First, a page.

Meet the press, Mr. President

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Meet the press, Mr. President

While stressing the importance of communication with the people, President Lee Myung-bak has had few, if any, proper press conferences during the past three years. The media conferences he had on about 20 occasions fell short of our expectations because most of them were oriented toward promoting government policies or answering only a few questions about the results of summits with foreign leaders. Journalists generally could not freely ask any questions about what mistakes the administration made or what improvements need to be made.

Even after national security crises like North Korea’s sinking of the Cheonan warship or its shelling of Yeonpyeong Island, the president only read through a prepared script without taking real questions. In contrast, after the Sept. 11 terrorist attacks in 2001, U.S. President George W. Bush released his first statement 49 minutes after the attacks, addressed the nation after 12 hours and held a press conference the next day.

Although the media has consistently criticized Lee for the lack of press conferences, the president announced that he will appear on a TV interview program tomorrow morning - for convenience - rather than holding a press conference.

Having a TV interview instead of a broader press conference was reportedly the idea of his staff, and the Blue House took the initiative not only in selecting the interviewer but designing and planning the script as well.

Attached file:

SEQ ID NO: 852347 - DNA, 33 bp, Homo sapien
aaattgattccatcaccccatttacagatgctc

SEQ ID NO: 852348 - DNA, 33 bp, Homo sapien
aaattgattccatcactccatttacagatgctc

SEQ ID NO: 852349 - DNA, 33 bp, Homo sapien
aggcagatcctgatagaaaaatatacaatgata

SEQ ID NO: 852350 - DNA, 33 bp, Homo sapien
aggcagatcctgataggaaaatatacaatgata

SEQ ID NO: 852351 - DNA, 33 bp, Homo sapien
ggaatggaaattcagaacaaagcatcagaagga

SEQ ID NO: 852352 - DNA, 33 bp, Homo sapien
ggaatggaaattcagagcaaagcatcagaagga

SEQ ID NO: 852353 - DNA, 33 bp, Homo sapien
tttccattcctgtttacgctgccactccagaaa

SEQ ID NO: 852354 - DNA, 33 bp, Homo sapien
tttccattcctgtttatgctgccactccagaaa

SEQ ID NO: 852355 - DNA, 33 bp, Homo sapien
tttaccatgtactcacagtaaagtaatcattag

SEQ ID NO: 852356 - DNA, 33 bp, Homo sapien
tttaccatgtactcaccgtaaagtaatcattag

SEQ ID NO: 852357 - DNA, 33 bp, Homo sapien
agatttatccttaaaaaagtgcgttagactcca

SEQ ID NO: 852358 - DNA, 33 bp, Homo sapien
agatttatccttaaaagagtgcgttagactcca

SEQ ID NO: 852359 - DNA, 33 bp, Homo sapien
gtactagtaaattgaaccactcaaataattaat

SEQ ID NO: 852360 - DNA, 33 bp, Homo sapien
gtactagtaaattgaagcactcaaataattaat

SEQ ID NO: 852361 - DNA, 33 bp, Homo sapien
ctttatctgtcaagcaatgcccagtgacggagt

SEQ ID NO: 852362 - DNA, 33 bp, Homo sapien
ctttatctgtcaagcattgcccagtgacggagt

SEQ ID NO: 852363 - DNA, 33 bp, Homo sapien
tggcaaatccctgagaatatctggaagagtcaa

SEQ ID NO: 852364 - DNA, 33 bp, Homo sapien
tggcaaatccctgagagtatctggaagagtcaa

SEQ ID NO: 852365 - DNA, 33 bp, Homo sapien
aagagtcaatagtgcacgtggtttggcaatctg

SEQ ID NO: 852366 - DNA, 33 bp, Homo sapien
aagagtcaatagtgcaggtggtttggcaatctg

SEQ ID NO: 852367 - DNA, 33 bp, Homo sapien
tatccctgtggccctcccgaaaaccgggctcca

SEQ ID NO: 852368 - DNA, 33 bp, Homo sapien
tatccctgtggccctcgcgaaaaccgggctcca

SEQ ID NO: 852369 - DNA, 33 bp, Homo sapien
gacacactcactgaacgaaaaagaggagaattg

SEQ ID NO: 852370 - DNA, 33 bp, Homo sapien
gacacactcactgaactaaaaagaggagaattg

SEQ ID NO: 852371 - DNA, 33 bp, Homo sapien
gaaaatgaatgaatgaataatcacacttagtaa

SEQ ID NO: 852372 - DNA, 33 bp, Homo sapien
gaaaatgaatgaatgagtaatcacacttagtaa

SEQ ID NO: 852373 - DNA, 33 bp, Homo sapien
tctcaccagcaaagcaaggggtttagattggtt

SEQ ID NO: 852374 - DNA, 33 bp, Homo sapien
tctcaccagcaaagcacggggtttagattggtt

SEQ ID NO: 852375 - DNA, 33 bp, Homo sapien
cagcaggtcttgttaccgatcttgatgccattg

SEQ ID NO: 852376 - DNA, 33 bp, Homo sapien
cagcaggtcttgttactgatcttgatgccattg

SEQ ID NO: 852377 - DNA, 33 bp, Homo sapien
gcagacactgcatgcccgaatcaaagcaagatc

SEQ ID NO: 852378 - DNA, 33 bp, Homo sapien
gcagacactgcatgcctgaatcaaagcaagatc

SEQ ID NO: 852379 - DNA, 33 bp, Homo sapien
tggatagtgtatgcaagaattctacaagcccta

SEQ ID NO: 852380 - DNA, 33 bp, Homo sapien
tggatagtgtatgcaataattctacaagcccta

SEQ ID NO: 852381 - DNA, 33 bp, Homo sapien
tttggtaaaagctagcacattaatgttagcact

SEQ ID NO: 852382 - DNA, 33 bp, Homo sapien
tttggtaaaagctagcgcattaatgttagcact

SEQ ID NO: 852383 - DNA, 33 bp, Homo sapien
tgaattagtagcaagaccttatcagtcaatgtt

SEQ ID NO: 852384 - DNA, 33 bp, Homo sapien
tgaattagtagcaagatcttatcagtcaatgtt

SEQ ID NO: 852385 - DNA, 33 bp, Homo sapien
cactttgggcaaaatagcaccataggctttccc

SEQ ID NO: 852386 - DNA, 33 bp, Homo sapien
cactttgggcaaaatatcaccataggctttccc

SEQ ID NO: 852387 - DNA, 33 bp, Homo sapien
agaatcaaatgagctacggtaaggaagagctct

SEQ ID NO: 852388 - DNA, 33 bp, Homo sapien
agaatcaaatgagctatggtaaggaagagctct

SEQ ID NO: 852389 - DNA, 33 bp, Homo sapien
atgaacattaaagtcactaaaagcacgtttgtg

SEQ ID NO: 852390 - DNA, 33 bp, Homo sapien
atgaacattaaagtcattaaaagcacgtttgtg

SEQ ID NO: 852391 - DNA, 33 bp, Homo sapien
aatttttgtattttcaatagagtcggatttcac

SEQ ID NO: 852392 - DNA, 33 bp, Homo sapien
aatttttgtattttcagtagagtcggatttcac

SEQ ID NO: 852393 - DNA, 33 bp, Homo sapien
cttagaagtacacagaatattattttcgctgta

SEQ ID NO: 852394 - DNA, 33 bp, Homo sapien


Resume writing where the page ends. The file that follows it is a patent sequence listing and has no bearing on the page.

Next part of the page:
This type of interview makes it really difficult for the press to deal with what can be identified as the weak points of the administration, such as persistent controversies over the president’s remarks shortly after the bombardment of Yeonpyeong Island; the nomination of his former aide Chung Dong-ki as head of the Board of Audit and Inspection; the Blue House’s surveillance on the lives of private citizens; and its incompetence in coping with the foot-and-mouth disease outbreak. Such mysteries can’t be cleared up when the press cannot enjoy a free exchange of questions and answers.

The president should graciously welcome questions on any subject, just as former U.S. President Bill Clinton took relentless questions about the Monica Lewinsky scandal even during overseas trips, which he didn’t dodge. President Lee may not welcome such frank questions. But the public is watching his sincerity closely. If he has made mistakes, he should admit them and come up with ways to correct them. This year, many issues are waiting for his answers. He should not hesitate.
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